Cum­ber­batch claims that he wasn’t ini­tially con­vinced by Mof­fat and Gatiss’s idea of a stand­alone episode trans­port­ing his mod­ernised de­tec­tive back to 1895. “In fact, I went, ‘You’re mad’,” he says. “I gen­uinely didn’t understand how they were go­ing to get away with it.

“And then I got the more de­tailed pitch and I thought, ‘OK, this is go­ing to be great fun’, And it really is. It’s so nice to play him in his era. The things that are asked of me in the mod­ern version, the sense that this is a man clearly slightly out of his time... to put him back in the era he was writ­ten in orig­i­nally is just a joy. It feels eas­ier.

“And then there are things I tried to im­pose on the mod­ern version, like his stature and phys­i­cal­ity – a lot of that’s done (in the Vic­to­rian version) by the cloth­ing, the col­lars, the deer­stalker and cape and pipe and things.”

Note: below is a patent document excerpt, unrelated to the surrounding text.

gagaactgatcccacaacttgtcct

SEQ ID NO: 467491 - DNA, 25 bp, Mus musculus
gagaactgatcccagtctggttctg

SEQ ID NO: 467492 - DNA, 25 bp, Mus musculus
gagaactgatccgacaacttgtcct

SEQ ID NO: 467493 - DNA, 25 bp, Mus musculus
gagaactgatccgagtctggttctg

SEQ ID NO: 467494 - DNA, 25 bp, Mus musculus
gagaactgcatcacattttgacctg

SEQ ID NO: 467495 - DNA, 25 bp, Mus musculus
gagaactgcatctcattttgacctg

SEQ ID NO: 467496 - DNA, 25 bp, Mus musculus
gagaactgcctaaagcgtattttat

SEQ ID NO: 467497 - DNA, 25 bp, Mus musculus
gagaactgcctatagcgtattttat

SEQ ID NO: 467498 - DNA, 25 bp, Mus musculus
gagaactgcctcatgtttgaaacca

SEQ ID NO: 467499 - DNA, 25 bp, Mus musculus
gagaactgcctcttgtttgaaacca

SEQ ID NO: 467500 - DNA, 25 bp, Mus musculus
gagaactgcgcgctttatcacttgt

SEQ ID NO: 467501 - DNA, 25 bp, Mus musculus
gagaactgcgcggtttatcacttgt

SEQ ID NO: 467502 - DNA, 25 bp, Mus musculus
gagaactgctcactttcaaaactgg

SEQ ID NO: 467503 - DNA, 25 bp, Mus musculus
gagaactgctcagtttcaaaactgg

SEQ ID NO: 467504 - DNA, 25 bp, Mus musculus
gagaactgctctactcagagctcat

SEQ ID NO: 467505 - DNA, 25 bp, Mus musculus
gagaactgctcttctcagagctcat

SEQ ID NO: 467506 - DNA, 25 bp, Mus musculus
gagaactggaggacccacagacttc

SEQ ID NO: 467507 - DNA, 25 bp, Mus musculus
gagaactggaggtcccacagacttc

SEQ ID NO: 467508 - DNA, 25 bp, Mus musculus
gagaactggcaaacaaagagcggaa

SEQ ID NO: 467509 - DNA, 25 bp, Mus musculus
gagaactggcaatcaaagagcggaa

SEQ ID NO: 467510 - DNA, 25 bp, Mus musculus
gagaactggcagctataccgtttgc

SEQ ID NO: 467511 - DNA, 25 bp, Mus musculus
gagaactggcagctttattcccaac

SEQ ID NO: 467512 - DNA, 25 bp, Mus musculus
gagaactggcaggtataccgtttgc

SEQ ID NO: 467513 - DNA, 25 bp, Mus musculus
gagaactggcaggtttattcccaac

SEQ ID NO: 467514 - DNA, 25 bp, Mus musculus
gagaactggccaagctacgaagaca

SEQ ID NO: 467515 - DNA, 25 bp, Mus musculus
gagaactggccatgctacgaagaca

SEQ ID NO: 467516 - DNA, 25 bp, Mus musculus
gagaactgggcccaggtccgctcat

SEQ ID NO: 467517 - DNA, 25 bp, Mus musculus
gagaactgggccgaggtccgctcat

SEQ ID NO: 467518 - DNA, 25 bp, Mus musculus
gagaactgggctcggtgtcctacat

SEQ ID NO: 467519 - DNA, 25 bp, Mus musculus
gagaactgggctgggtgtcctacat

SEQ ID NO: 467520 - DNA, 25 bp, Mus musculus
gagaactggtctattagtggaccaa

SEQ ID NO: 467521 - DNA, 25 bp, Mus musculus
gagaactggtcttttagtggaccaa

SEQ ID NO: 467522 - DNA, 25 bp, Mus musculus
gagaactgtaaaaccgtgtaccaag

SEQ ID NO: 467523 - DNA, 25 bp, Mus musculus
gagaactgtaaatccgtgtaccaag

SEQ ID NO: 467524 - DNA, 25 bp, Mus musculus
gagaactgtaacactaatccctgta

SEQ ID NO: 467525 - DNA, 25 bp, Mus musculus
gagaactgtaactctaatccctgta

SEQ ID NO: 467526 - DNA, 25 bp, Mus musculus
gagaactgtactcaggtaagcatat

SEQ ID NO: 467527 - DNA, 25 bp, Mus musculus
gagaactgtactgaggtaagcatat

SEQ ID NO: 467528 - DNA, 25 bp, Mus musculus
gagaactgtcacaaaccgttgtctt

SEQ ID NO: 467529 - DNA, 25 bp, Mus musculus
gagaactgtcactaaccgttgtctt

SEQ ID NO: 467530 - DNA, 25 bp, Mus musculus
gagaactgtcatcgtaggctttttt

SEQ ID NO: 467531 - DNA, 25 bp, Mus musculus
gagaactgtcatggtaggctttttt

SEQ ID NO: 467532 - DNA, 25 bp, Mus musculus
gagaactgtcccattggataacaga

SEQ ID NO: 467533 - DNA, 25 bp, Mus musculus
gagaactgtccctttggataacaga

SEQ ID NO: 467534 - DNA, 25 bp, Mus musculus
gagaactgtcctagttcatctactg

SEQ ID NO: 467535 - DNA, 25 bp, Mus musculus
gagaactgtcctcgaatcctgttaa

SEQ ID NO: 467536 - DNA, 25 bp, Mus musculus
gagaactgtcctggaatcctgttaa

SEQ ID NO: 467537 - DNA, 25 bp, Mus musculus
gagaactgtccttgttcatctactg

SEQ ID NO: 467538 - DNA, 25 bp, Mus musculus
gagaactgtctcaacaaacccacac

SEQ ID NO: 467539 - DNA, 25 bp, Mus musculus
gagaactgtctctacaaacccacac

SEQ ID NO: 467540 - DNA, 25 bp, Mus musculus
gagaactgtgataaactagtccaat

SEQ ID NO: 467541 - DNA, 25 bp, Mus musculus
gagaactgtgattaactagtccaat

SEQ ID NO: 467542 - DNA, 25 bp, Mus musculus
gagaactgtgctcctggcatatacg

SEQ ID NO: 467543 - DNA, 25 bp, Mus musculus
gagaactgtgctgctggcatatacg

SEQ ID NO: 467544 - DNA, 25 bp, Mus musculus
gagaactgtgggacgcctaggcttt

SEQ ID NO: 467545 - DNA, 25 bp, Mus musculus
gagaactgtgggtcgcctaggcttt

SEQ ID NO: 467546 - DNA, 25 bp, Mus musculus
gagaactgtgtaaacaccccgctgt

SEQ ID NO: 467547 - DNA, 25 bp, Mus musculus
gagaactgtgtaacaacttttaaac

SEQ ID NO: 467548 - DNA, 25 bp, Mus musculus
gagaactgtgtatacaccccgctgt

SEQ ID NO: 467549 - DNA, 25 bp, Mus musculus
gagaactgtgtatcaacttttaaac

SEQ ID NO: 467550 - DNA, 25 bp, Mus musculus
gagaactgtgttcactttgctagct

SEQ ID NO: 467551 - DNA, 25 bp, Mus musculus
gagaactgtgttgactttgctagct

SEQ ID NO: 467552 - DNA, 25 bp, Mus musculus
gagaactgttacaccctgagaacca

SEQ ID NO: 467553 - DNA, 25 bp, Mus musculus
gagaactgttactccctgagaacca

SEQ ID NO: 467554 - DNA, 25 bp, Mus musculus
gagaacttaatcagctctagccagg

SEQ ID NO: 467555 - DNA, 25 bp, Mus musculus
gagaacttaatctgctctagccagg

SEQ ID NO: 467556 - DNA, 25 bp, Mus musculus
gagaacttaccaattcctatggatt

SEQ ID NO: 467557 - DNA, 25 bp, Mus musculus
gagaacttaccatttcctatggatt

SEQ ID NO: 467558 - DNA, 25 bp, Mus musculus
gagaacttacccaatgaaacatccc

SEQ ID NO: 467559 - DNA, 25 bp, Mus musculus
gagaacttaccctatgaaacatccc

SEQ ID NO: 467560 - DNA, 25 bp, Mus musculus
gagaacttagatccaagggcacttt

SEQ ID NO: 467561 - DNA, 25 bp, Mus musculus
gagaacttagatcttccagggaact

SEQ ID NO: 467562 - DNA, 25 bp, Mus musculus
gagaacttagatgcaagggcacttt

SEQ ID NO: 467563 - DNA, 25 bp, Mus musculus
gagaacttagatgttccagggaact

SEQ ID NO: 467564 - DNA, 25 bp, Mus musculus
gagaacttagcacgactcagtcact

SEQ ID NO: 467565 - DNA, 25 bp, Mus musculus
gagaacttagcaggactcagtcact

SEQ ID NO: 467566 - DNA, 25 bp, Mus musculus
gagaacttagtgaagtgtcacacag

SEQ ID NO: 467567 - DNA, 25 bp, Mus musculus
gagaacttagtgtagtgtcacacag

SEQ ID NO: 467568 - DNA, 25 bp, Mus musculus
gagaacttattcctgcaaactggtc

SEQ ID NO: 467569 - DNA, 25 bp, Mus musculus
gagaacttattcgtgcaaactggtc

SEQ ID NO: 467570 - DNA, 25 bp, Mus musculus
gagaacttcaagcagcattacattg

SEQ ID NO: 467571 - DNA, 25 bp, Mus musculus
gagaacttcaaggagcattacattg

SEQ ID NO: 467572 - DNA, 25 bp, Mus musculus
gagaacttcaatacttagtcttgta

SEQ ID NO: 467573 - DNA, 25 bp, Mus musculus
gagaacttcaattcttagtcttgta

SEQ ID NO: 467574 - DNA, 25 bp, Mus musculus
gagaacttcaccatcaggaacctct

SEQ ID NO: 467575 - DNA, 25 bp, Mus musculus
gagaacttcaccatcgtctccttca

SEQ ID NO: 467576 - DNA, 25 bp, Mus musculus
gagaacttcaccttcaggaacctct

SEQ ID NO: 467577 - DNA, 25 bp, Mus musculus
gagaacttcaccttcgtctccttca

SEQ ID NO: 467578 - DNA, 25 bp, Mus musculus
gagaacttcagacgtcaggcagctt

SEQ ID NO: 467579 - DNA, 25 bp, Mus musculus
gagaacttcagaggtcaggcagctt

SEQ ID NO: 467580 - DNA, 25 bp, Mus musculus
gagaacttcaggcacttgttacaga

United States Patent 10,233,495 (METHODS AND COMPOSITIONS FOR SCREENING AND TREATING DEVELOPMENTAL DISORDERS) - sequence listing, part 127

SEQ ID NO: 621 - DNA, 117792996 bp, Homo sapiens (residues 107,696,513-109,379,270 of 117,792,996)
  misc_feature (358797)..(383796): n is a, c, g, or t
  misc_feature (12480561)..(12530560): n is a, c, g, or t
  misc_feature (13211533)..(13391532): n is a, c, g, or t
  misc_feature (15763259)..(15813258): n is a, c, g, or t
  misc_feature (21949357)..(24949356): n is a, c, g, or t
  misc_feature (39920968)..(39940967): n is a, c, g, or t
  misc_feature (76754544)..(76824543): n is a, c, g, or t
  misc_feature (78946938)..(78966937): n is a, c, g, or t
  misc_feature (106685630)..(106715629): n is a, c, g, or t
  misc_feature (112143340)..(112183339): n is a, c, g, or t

Ah yes, the deer­stalker, cape and pipe. Didn’t he feel a bit of a walk­ing cliché when armed with the de­tec­tive’s iconic ac­ces­sories? “And yet it doesn’t feel like a cliché be­cause you’re func­tion­ing in them rather than quot­ing them,” Cum­ber­batch says. “They were de rigueur items of fash­ion that have just be­come iconic for him, but they’re very use­ful.”

It has been nearly two years since the last full se­ries of Sher­lock, the fi­nal episode end­ing with a cliffhanger, that of a video close-up of Jim Mo­ri­arty’s face be­ing broad­cast all over Lon­don, ask­ing: “Did you miss me?” An­drew Scott’s arch vil­lain doesn’t fea­ture in the Vic­to­rian spe­cial, which will be si­mul­ta­ne­ously screened in cine­mas across the UK and across the world (in­clud­ing China, where Sher­lock has a huge fol­low­ing). A full new se­ries starts film­ing in the sec­ond quar­ter of the year.

“We are very good at making peo­ple wait – it’s what we do,” quips Gatiss. As they have es­tab­lished Sher­lock Holmes and John Watson so bril­liantly in the 21st cen­tury, I won­dered why Gatiss and Steven Mof­fat wanted to now place them in a Vic­to­rian set­ting?